operty in low
dose CT projections and
noise treatment by scale transformations,” Conf Record IEEE NSS
MIC, to appear, 2001.


C. Ma and M. Sonka, “A fully parallel 3D thinning algorithm and its applications,” Computer Vision and
Image Understanding, vol. 64,

pp. 420
433, 1996.


E. McFarland, J. Brink, J. Loh, G. Wang, V. Argiro, D. Balfe, J. Heiken, and M. Vannier, "Visualization
of colorectal polyps with spiral CT colography: evaluation of processing parameters with perspective
volume rendering," Radiology, v
ol. 205, pp. 701
707, 1997.


E. McFarland and J. Brink, “Helical CT colonoscopy (virtual colonoscopy): the challenge that exists
between advancing technology and generalizability,” Am J Roentgenology, vol.
, pp. 549
559, 1999.


C. Morosi, G. Ballardini, a
nd P. Pisani, “Diagnostic accuracy of the double
contrast enema for colonic
polyps in patients with or without diverticular disease”, Gastrointest Radiol,
vol. 16, pp.
347, 1991.


P. Orsoni, S. Berdah, C. Verrier, A. Caamano, B. Sastre, R. Boutboul, J.
Grimaud, and R. Picaud,
“Colonic perforation due to colonoscopy: a retrospective study of 48 cases”, Endoscopy,
vol. 29, pp.

164, 1997.


D. Paik, C. Beaulieu, R. Jeffery, G. Rubin, and S. Napel, “Automatic flight path planning for virtual
endoscopy,” Me
dical Physics, vol. 25, pp. 629
637, 1998.


T. Parkins , "Computer lets doctors fly through the virtual colon," Journal of National Cancer Institute,
vol. 86, pp. 1046
1047, 1994.


J. Reed and C. Johnson, “Automatic segmentation, tissue characterization, and

rapid diagnosis
enhancements to the computed colographic colonoscopy analysis workstation,” J Digital Imaging, vol.

pp. 70
73, 1997.


A. Royster, A. Gupta, H. Fenlon, and J. Ferrucci, “Virtual colonoscopy: current status and feature
implications,” Acad

Radiology, vol.

pp. 282
288, 1998.


G. Rubin, C. Beaulieu, V. Argiro, H. Ringl, A. Norbash, J. Feller, M. Dake, R. Jeffrey, and S. Napel,
"Perspective volume rendering of CT and MR images: applications for endoscopic imaging," Radiology,
vol. 199, pp. 3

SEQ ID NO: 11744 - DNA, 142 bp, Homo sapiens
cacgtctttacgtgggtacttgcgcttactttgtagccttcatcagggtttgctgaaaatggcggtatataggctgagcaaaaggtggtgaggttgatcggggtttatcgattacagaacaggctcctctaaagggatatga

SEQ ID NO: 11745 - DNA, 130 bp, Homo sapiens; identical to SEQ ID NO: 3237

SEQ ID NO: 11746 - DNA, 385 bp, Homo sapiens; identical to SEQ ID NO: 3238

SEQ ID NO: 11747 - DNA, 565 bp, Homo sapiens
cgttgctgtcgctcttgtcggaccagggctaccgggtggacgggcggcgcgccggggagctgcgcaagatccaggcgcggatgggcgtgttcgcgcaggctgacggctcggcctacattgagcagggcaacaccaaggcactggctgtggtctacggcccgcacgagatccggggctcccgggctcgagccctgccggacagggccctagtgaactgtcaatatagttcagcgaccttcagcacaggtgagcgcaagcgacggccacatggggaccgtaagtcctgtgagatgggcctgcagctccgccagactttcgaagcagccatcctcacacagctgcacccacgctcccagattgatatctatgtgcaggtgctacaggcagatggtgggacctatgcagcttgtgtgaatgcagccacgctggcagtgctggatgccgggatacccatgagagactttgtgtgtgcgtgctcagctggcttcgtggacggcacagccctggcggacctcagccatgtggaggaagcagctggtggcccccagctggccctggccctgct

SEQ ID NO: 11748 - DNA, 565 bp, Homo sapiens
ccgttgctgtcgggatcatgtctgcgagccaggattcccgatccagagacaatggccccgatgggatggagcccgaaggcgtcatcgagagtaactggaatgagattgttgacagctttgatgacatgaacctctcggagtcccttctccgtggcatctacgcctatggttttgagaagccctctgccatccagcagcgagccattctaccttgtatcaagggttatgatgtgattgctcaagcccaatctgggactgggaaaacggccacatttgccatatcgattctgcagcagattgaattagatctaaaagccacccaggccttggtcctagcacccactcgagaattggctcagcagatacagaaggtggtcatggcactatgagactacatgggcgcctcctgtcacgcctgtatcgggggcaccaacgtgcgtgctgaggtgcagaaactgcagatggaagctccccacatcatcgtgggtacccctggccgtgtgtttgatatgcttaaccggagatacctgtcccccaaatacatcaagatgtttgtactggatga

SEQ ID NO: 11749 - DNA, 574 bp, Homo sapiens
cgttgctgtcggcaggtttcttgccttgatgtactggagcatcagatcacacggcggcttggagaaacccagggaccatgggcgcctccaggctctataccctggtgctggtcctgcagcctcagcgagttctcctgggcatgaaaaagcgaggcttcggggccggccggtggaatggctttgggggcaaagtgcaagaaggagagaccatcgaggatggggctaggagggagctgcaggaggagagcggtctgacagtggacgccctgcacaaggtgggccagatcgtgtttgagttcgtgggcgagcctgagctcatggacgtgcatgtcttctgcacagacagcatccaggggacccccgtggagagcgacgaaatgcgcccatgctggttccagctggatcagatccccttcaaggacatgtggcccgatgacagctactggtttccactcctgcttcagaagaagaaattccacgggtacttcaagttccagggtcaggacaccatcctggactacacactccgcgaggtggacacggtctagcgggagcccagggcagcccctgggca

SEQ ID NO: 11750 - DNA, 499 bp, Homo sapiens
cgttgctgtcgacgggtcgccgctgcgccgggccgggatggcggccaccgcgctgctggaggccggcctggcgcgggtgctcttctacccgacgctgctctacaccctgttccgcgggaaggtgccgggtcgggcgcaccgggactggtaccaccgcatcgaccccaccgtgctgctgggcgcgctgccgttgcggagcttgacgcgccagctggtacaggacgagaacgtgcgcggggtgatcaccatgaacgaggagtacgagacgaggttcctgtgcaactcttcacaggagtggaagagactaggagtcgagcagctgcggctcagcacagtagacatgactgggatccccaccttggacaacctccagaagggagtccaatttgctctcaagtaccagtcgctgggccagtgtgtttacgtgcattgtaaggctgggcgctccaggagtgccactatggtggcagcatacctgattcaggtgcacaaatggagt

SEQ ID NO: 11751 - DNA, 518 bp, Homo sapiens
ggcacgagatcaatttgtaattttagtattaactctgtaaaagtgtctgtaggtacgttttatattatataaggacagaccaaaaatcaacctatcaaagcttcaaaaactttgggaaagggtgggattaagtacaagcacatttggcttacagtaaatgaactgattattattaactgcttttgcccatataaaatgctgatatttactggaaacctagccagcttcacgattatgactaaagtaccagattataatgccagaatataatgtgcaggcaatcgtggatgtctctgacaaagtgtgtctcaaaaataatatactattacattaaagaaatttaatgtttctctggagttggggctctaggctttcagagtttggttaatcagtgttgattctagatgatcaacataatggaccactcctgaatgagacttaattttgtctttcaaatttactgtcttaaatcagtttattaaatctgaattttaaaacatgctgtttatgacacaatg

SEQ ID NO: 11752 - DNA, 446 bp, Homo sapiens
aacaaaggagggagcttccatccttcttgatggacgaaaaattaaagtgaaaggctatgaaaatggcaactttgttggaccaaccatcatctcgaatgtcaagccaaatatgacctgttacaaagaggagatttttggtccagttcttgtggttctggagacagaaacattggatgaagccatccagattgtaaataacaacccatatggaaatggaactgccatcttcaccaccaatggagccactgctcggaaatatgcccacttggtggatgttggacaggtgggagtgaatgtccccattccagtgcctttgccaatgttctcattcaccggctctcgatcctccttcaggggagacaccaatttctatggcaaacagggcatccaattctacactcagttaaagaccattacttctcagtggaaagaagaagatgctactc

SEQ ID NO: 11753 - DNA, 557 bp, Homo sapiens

330, 1996.


T. Saito and J. Toriwaki, “New algorithm for Euclidean distance transformation of an N
digitized picture with applications,” Pattern Recognition, vol. 27, pp. 1551
1565, 1994.


Y. Samara, M. Fiebrich, A. Dachman, J. Kuniyoshi, K. D
oi, and K. Hoffmann, “Automatic calculation of
the centerline of the human colon on CT images,” Acad Radiology, vol. 6, pp. 352
359, 1999.


B. Simons, A. Morrison, R. Lev, and W. Verhoek
Oftendahl, "Relationship of polyps to cancer of the
large intestine,"
J National Cancer Institute, vol. 84, pp. 962
966, 1992.


P. Springer, A. Dessl, S. Giacomuzzi, A. Stohr, G. Bodner, and W. Buchberger, “Virtual CT
colonoscopy: examination techniques, limitations and perspectives,” Aktuelle Radiology, vol.
, pp. 301


D. J. Vining, D. Gelfand, R. Bechtold, E. Scharling, E. F. Grishaw, and R. Shifirin," Technical feasibility
of colon imaging with helical CT and virtual reality," 1994 Annual Meeting of Am Roentgen Ray Soc,
New Orleans, pp. 104, 1994.


M. Wan, W. Li,
K. Kreeger, I. Bitter, A. Kaufman, Z. Liang, D. Chen, and M. Wax, “3
D virtual
colonoscopy with real
time volume rendering,” Proc SPIE Medical Imaging, vol. 3978, pp. 165


M. Wan, F. Dachille, K. Kreeger, S. Lakare, M. Sato, A. Kaufman, M. Wax, a
nd Z. Liang, “Interactive
electronic biopsy for 3D virtual colonoscopy,” Proc SPIE Medical Imaging, vol. 4321, to appear, 2001.


M. Wan, Z. Liang, Q. Ke, L. Hong, I. Bitter, and A. Kaufman, “Automatic centerline extraction for
virtual colonoscopy,” Submitte
d to IEEE Trans on Medical Imaging, 2001.


Z. Wang and Z. Liang, “Feature based rendering for 2D/3D partial volume segmentation datasets,”
submitted to Proc SPIE Medical Imaging, 2002.


Y. Zhou and A. W. Toga, “Efficient skeletonization of volumetric objects
,” IEEE Trans on Visualization
and Computer Graphics, vol. 5, pp. 196
209, 1999.